Oh, yeah. I missed my connecting flight to Nuremberg and had to wait in Frankfurt an extra two hours which screwed up my evening big time. The "concert" was my only compensation. It didn't cost Air Canada a dime, airline management didn't have a clue it was happening and the musicians were actually a source of revenue. Sigh.

From Nuremberg I wish you a joyous Christi Himmelfahrt Feiertag, which Kate deduced is Ascension Day (It's also Father's Day here). And thanks for reading.

Thursday, 3 May 2012

First Times and Comebacks

And probably not at all what you're thinking

I'm closing in on age 55. I consider myself fortunate to have seen and done a lot of things in my first 54 years. Maybe I've seen and done it all. Yeah, right! I do have a certain amount of curiosity in me and I think that to some degree we all seek out new experiences, hopefully for the entire time we stay on the planet.

As an example, earlier this year Kate and I spent a week in Maui, our first ever visit to the Hawaiian Islands. It was a terrific experience and one I'm sure we will repeat in some fashion. Last week in Milan I was also able to experience a first: one far less significant and far less pleasant.

On my Euro sojourn I am making it a point to run as much as possible. Unlike swimming and biking it's very accessible and requires little in the way of special equipment. Late night's notwithstanding, the best time to run is in the early morning. So last Thursday I set off around 6:30am in a totally foreign city. And it went fine.

When I got back to my hotel I made use of the in-room coffee maker as I was looking for something wet, caffeinated and containing some calories post-run. The coffee was instant, not a serious problem, the best coffee in the world was only a few steps in any direction as soon as I had showered and dressed. But there was something about the sugar. They hadn't put enough in the envelope. The texture seemed "off". I took a sip.

For the first time ever and thanks to my 54 year old eyes, I was drinking coffee with artificial sweetener. It's horrible. Far too sweet and with that bitter aftertaste. And the worst part? I was getting none of the calories I had been seeking in the first place. In hindsight I should have just poured it down the drain and started over. But that's not how I'm wired. I regard it as my manly duty to consume every culinary error I make. These serve as reminders never to make those errors again. That night I laid out the packets for the following morning using my reading glasses. No further problems. I just can't believe people use that stuff by choice.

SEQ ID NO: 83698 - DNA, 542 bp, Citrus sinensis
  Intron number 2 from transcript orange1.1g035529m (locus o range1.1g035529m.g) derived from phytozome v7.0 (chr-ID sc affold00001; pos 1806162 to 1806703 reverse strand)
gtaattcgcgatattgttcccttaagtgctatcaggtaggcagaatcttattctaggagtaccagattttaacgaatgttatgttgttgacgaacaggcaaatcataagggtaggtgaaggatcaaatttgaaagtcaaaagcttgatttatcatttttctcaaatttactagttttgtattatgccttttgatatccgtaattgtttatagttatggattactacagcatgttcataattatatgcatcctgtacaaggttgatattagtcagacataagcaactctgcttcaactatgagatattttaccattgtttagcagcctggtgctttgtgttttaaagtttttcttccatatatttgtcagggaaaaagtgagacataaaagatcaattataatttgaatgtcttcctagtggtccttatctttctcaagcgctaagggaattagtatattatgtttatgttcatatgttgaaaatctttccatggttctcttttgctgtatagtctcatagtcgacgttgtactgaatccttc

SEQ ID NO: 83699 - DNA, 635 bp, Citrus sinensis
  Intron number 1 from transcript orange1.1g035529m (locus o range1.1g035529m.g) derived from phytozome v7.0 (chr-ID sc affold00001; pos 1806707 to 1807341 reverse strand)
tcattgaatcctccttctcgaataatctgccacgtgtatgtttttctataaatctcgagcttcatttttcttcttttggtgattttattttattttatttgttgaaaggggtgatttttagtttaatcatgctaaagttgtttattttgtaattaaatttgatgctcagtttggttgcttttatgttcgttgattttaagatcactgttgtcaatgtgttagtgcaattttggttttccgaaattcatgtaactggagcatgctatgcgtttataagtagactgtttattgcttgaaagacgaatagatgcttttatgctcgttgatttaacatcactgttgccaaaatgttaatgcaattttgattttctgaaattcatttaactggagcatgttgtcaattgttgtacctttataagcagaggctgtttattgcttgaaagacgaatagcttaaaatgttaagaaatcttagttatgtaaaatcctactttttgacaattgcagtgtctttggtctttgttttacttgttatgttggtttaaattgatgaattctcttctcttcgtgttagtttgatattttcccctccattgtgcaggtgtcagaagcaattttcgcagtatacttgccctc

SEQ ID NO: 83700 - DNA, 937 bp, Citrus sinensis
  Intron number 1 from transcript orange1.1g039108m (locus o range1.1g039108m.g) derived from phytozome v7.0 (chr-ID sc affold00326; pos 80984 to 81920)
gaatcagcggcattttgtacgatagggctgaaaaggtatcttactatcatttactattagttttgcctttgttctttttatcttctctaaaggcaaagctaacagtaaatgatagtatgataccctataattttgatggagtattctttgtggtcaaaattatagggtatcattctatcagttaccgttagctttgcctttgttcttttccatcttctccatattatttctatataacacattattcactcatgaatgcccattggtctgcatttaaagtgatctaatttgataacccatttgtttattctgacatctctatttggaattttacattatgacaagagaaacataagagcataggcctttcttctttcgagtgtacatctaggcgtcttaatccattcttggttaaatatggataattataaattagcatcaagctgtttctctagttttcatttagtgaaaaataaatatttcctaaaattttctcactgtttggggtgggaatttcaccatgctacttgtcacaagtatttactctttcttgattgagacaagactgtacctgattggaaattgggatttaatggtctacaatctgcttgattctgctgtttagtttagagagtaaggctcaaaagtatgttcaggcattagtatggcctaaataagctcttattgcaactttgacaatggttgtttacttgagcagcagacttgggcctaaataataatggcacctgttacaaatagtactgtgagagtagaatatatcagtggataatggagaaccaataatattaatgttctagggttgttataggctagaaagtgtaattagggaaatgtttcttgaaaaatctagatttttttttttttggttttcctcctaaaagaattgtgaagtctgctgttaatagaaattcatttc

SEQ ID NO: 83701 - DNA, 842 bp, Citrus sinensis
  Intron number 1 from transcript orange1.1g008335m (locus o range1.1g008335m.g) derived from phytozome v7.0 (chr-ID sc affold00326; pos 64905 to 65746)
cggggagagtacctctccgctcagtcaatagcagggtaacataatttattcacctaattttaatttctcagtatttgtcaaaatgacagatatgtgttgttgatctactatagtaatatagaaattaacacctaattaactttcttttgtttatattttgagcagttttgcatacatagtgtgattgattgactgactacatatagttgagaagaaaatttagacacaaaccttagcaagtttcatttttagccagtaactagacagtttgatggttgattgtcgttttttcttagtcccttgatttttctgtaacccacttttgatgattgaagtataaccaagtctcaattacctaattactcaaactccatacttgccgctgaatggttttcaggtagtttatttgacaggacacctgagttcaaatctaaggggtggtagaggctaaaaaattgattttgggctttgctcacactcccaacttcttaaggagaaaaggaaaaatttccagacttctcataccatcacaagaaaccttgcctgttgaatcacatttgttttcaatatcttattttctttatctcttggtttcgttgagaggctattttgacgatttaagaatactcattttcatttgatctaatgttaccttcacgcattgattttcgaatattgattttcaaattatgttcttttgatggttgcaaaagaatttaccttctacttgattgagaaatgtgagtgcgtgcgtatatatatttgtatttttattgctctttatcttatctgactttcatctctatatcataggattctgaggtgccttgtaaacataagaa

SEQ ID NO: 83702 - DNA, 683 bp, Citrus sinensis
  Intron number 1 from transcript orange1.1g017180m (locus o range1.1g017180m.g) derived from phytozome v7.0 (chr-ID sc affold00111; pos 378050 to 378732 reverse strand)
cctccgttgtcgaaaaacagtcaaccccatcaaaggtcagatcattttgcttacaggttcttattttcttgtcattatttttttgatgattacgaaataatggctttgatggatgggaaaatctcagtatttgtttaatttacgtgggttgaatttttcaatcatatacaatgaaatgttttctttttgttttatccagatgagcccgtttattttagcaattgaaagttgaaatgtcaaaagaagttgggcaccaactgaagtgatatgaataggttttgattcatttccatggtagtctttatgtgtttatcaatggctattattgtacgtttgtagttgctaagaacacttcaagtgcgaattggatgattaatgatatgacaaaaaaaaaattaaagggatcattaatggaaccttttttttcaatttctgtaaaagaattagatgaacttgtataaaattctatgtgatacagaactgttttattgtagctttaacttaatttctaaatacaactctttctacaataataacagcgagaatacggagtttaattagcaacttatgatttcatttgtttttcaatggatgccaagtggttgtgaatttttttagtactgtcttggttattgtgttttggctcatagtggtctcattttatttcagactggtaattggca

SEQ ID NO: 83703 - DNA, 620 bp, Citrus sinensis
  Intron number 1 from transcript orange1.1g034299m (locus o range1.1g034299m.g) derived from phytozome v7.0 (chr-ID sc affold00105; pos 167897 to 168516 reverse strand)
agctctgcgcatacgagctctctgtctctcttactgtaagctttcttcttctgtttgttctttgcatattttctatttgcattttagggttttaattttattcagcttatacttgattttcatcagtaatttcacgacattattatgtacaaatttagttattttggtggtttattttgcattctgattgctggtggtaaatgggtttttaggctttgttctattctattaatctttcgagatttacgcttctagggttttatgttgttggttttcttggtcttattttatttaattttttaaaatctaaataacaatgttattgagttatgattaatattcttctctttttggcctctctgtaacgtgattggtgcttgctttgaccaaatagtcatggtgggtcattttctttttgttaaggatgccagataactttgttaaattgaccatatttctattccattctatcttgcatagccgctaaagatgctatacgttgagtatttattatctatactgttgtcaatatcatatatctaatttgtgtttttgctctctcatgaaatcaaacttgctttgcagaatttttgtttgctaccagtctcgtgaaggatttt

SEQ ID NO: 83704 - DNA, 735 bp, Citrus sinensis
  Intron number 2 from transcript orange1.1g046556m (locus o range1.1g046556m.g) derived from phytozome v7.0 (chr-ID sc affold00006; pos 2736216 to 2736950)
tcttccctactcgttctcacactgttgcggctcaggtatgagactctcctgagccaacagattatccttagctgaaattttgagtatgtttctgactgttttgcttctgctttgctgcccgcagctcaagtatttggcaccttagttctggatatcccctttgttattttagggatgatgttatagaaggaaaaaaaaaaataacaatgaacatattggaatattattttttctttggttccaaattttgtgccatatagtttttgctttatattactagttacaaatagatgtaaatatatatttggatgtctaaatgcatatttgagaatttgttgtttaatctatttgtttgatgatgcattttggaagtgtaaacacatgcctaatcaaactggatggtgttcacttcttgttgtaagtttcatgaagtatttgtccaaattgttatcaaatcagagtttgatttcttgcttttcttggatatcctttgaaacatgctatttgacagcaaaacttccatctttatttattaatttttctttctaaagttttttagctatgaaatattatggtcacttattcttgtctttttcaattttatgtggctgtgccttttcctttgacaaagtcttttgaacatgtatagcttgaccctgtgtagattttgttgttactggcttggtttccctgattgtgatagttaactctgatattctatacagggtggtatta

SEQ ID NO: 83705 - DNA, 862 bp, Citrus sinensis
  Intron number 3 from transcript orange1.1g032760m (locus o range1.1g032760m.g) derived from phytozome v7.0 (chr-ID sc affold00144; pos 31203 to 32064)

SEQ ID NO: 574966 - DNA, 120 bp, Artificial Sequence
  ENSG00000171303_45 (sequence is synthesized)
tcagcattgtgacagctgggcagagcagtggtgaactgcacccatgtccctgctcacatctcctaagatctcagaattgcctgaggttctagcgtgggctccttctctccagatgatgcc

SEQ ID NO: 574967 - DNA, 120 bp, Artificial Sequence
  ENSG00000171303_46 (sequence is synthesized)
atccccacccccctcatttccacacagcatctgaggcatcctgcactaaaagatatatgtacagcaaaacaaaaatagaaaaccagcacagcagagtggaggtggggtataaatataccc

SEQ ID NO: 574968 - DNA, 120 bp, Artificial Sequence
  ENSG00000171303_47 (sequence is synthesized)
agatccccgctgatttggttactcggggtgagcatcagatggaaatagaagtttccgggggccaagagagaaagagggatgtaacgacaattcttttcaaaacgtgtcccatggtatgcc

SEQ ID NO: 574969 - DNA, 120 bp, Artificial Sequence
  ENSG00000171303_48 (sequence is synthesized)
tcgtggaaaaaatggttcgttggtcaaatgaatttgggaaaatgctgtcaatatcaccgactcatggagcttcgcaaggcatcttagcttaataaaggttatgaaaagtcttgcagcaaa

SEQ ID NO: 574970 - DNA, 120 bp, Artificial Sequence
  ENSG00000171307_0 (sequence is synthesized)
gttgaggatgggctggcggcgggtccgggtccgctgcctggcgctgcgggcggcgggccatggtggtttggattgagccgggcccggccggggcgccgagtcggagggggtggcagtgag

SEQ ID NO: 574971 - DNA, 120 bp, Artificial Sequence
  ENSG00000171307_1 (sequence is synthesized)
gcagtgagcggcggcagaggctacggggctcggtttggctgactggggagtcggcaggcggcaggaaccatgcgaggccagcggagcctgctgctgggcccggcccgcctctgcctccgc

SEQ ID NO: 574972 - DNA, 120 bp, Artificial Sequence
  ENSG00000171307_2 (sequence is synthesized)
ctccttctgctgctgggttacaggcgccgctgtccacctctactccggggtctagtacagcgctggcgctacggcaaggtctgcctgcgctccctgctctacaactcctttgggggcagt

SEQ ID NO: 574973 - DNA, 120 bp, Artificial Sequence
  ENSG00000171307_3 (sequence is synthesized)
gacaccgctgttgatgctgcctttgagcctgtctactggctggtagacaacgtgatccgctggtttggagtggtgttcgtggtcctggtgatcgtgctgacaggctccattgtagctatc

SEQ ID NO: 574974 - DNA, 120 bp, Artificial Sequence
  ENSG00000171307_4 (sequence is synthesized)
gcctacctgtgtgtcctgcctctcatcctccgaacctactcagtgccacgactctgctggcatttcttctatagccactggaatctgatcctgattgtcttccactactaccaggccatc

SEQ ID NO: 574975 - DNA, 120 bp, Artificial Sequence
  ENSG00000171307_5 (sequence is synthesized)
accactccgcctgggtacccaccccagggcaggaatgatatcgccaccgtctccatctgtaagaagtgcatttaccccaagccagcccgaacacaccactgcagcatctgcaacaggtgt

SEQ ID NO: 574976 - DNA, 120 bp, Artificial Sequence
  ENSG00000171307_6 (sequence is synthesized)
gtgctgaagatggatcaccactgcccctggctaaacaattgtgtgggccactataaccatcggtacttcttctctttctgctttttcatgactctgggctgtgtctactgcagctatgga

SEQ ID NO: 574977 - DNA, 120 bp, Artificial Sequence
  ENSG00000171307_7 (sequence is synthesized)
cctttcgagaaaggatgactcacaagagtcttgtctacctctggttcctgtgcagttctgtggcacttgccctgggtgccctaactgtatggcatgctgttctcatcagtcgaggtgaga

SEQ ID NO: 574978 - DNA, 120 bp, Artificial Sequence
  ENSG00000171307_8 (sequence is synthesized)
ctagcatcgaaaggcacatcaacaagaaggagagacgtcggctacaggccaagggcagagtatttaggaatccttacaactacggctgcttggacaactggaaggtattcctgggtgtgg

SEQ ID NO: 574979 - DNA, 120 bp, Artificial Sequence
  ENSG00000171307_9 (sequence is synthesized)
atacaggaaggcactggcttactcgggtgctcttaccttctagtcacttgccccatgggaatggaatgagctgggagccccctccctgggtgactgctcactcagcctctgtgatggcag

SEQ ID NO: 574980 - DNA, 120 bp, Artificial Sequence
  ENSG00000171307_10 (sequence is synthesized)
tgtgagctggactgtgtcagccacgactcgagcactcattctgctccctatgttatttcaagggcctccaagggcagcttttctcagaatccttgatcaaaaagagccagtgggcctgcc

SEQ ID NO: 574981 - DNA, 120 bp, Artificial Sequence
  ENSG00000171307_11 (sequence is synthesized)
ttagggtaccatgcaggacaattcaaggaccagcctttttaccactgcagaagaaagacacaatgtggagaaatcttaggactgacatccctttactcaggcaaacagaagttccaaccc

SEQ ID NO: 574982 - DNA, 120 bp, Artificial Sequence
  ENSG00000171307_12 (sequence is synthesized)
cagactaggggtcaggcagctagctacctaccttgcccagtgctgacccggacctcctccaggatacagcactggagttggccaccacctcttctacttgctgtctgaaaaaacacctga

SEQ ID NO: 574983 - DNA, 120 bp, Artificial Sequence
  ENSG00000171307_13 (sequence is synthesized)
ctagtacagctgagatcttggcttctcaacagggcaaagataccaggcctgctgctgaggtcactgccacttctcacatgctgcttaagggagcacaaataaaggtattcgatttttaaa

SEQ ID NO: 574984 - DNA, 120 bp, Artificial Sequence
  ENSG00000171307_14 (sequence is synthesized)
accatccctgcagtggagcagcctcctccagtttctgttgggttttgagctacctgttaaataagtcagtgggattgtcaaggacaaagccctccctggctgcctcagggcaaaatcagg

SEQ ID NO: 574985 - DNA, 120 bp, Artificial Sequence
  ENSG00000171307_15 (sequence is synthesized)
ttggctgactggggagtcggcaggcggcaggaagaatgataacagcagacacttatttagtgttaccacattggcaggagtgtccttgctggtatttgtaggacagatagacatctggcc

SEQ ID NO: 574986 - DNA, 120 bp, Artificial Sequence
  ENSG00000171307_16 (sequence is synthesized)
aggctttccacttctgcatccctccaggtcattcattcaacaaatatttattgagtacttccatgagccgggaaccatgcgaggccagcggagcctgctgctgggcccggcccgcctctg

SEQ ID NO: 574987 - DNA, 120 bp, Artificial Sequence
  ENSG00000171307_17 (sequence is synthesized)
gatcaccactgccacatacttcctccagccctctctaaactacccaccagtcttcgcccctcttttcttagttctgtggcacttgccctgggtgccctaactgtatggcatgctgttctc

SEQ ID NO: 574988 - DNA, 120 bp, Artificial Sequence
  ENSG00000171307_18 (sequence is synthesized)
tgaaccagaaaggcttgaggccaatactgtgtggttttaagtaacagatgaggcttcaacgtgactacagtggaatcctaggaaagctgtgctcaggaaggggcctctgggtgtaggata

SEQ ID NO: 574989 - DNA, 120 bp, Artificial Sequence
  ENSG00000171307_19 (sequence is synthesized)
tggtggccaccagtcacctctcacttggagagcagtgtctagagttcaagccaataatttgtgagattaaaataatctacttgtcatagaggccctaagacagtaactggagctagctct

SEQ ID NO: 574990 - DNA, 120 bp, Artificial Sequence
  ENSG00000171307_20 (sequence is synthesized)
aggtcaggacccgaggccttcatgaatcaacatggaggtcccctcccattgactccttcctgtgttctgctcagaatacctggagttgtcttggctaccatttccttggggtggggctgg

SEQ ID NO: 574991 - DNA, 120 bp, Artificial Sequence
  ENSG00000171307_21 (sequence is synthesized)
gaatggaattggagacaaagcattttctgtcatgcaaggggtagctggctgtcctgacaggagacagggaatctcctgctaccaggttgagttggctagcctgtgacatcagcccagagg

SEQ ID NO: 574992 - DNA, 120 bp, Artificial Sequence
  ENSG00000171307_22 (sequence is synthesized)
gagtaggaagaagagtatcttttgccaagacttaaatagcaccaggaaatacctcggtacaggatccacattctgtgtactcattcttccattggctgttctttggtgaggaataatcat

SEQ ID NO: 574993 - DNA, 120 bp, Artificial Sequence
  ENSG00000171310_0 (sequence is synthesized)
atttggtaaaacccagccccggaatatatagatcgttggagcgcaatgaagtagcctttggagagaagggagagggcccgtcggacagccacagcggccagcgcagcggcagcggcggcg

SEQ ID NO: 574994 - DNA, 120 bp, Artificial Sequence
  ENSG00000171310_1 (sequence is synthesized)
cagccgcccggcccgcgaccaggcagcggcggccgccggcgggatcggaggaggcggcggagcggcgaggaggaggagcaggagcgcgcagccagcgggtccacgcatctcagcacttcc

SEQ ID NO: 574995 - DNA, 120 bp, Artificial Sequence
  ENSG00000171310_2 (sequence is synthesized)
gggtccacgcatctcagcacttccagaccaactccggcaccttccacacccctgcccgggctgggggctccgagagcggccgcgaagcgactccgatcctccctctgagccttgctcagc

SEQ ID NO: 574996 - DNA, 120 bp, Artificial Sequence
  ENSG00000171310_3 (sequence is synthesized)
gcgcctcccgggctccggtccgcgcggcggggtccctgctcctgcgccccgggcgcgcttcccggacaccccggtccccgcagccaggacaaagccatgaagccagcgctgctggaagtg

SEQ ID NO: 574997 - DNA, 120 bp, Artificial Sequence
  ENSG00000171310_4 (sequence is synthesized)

Which brings me to comebacks. Kate will not believe this but earlier this week at my apartment the dust bunnies were visible to the naked eye. My naked eyes in fact. So I hauled out the vacuum cleaner and gave the place a once over. I can't say how long it's been sine I've vacuumed but I have a sense that Kate could ballpark it with some accuracy. The good news is that unlike my unsuccessful bathroom cleaning incident a couple of weeks back, the results of last night's cleaning were self-evident. It appears this will become another one of my Germany rituals.

Thanks for reading,

- Posted using BlogPress from my iPad

Tuesday, 1 May 2012

Happy Labour Day... Aus Deutschland!

Many of you may be aware that May 1 is a holiday in much of Europe. I believe that in Spain and Greece it is marked by protests and demonstrations. Here in Germany, so far as I can tell, it is marked by grilling meat and leaving town.
Our office was closed so my day was pretty much my own. The weather has been spectacular every day since I got back from Italy. Today has been sunny, dry and sort of mid 20'sC. Just about ideal for everything. I woke up at my leisure around 7, had a light breakfast and after that settled went for my run.
I now have a number of routes to choose from. Since today was about speed rather than distance I elected to go to Marienberg, a park not far from here. It's about a 15 minute easy jog to and from my place. Once there I ran a half hour of hard tempo - 7:00-7:20 pace. I admit, I was totally showing off. At that pace I was passing all of the runners and I passed more bicycles than passed me.
After the run I fixed myself a generous brunch. Then it was off to the laundromat. I should say that I have now found the laundry room in my apartment complex. To the best of my reasoning I believe that mid 20th century criminals were sentenced to wash clothes there. I opted for my usual laundromat half a kilometer down the street. It's bright, it's clean, it accepts paper money, it even has its own web site and Facebook page! You can be friends with my Waschsalon.
I must say I now have it all worked out when it comes to laundry. Got my machines, got my tunes. My friend Charmaine gave me a book of NYT Sunday crossword puzzles and I was totally crushing this one. Good times. I wish to point out that I showered before I headed off to do laundry, a courtesy not necessarily extended by all of the patrons.
Laundry done I went off to the Old City in search of dinner. In honour of Labour Day I chose sausages grilled by someone else, Sauerkraut and Wheat Beer. All eaten out doors at a typical spot: the Goldenes Posthorn. Family (and Paul) will not be surprised to learn that sausages, beer and sauerkraut provoke a similar reaction on both sides of the Atlantic.
Afterwards I treated myself to Gelato (3 flavours) and took the subway home. Then I started a Blog Post. Which brings me to right now. I hope you had as good a May 1 as I did.

Three more sleeps until I head home.
Thanks for reading.